The book has always been understood as a theodicy, and I read it that way (incidentally, I haven’t read it in quite some time, so this whole post if off memory – if a re-read prompts me to reconsider anything I write, I’ll post it).
So what is God’s explanation, at the end of the day, for Job’s troubles? I find it a fascinatingly telling one. God basically tells Job “Stop questioning, because the answer doesn’t matter. If you trust me, then you know that everything I do has a purpose. Knowing what it is is past your pay grade. Just know that I am a good and just Lord, and trust me”.
And so God gives Job double of everything he had before (pointing out that this doesn’t get rid of Job’s grief from his previous losses is missing the point of the symbolism), to prove His point – that even if Job doesn’t know how things are going to work out or why they’re happening it doesn’t mean that God isn’t going to work things out, like He has promised us.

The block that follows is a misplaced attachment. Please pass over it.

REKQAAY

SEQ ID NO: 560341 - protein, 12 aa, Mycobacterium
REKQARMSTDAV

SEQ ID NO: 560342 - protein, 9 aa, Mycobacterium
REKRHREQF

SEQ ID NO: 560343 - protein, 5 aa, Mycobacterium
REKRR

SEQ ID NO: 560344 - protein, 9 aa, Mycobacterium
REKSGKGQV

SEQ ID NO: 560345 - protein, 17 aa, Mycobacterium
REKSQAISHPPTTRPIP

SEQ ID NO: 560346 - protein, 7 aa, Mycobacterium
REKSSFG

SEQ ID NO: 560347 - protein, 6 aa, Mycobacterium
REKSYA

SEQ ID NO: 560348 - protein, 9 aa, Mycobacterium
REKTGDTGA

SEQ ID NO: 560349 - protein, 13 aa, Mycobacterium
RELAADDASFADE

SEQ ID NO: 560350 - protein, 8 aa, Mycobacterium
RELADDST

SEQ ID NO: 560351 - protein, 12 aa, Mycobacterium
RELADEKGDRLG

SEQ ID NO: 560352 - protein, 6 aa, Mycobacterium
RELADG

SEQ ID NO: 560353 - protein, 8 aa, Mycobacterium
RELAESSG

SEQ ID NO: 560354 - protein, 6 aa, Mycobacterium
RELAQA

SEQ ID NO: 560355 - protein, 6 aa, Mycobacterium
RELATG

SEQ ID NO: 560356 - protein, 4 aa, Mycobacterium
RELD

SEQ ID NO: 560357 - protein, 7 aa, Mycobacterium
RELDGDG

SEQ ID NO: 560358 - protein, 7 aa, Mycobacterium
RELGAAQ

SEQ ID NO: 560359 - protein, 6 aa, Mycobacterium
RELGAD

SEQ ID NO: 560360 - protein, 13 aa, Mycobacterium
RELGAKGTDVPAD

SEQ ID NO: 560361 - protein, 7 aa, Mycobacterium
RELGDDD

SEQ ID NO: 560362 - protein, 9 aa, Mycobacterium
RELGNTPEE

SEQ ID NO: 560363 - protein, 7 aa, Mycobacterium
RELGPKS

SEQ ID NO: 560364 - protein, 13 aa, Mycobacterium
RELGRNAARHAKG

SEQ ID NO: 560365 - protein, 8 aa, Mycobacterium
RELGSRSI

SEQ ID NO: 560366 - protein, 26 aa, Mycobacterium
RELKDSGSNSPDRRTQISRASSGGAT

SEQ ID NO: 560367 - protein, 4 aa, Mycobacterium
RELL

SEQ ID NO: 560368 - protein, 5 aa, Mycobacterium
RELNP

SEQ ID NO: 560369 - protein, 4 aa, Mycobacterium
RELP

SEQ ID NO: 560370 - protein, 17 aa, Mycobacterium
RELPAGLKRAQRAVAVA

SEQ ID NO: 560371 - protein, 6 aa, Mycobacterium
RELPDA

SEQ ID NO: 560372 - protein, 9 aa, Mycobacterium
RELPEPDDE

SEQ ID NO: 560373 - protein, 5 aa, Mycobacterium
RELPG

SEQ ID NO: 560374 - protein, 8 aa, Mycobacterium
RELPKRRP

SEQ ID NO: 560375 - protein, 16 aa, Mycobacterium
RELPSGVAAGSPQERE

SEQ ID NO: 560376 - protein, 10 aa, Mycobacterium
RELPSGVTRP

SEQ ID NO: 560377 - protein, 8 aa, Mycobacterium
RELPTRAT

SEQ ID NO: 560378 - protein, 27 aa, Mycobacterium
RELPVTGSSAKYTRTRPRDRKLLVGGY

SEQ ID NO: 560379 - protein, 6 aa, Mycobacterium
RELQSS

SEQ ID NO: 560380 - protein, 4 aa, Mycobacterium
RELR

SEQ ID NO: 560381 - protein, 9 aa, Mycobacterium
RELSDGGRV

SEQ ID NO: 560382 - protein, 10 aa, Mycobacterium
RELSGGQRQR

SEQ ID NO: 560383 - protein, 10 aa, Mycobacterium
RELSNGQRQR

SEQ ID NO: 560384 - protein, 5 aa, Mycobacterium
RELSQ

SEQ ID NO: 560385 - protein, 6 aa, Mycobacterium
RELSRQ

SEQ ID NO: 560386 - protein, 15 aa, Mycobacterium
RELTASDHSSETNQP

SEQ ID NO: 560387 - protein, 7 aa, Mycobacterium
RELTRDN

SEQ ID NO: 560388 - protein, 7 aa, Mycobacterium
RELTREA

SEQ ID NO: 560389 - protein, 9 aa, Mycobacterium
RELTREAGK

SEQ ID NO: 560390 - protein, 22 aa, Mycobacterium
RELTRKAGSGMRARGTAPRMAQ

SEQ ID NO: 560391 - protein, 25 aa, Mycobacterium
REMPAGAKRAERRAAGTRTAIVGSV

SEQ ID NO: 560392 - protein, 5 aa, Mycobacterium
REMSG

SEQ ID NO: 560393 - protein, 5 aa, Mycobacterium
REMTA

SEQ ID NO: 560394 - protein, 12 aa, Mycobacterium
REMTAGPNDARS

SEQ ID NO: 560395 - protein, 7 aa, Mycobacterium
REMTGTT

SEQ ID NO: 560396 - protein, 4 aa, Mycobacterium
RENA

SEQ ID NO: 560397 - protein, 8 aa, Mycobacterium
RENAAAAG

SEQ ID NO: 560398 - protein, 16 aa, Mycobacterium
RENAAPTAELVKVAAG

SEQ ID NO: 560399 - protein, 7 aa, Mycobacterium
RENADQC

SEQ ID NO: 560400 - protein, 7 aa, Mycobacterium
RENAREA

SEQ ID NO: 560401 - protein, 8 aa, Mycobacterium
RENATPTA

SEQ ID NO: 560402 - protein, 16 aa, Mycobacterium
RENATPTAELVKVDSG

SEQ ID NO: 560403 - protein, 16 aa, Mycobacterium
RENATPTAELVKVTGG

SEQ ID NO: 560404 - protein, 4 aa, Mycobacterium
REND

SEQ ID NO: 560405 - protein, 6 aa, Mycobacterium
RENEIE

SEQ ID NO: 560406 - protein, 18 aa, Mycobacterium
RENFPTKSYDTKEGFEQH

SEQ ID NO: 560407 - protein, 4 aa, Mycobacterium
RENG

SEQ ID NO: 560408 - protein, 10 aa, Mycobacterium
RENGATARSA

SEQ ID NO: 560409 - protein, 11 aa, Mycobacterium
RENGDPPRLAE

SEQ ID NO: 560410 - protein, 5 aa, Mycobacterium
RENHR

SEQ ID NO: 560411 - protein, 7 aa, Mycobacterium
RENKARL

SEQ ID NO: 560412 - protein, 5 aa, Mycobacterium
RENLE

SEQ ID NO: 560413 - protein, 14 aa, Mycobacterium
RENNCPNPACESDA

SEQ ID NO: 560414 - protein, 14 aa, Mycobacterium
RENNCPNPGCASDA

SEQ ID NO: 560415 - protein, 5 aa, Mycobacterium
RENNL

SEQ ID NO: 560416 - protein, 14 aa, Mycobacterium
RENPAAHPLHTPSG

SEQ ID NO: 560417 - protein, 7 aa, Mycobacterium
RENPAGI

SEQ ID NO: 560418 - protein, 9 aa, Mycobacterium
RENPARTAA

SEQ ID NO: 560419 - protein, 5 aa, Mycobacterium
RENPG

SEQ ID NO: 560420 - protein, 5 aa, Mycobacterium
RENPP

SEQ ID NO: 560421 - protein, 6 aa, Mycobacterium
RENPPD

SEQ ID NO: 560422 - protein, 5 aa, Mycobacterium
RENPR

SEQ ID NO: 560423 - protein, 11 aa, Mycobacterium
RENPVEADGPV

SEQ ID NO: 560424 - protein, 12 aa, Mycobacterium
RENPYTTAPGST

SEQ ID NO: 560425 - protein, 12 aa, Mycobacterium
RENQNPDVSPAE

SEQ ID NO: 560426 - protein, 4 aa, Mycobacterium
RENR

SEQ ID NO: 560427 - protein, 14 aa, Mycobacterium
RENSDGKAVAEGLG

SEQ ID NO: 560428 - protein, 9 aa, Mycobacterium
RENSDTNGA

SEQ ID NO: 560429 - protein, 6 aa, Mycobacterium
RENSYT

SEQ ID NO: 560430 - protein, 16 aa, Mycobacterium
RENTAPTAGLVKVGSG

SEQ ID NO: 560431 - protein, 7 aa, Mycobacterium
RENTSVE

Aquinas (and I’m sure he worked off of Job) gave basically the same answer to the problem of evil, which was roughly this: Who cares? We know God is good. Thus any evil that exists has to have an explanation. What it is is irrelevant. The important thing is that it exists, and we know it.
And that’s always been my understanding of the problem of evil. I don’t get it. I don’t get evil. I’ve had friends (you must remember that roughly half of my friends, and I, are still teenagers) rail against the Heavens because of horrible things that have happened to them. Legitimately horrible, not just melodrama. Sometimes it really is hard to see God behind all of that. But He’s there, and He’s just. Things got better for Job, too.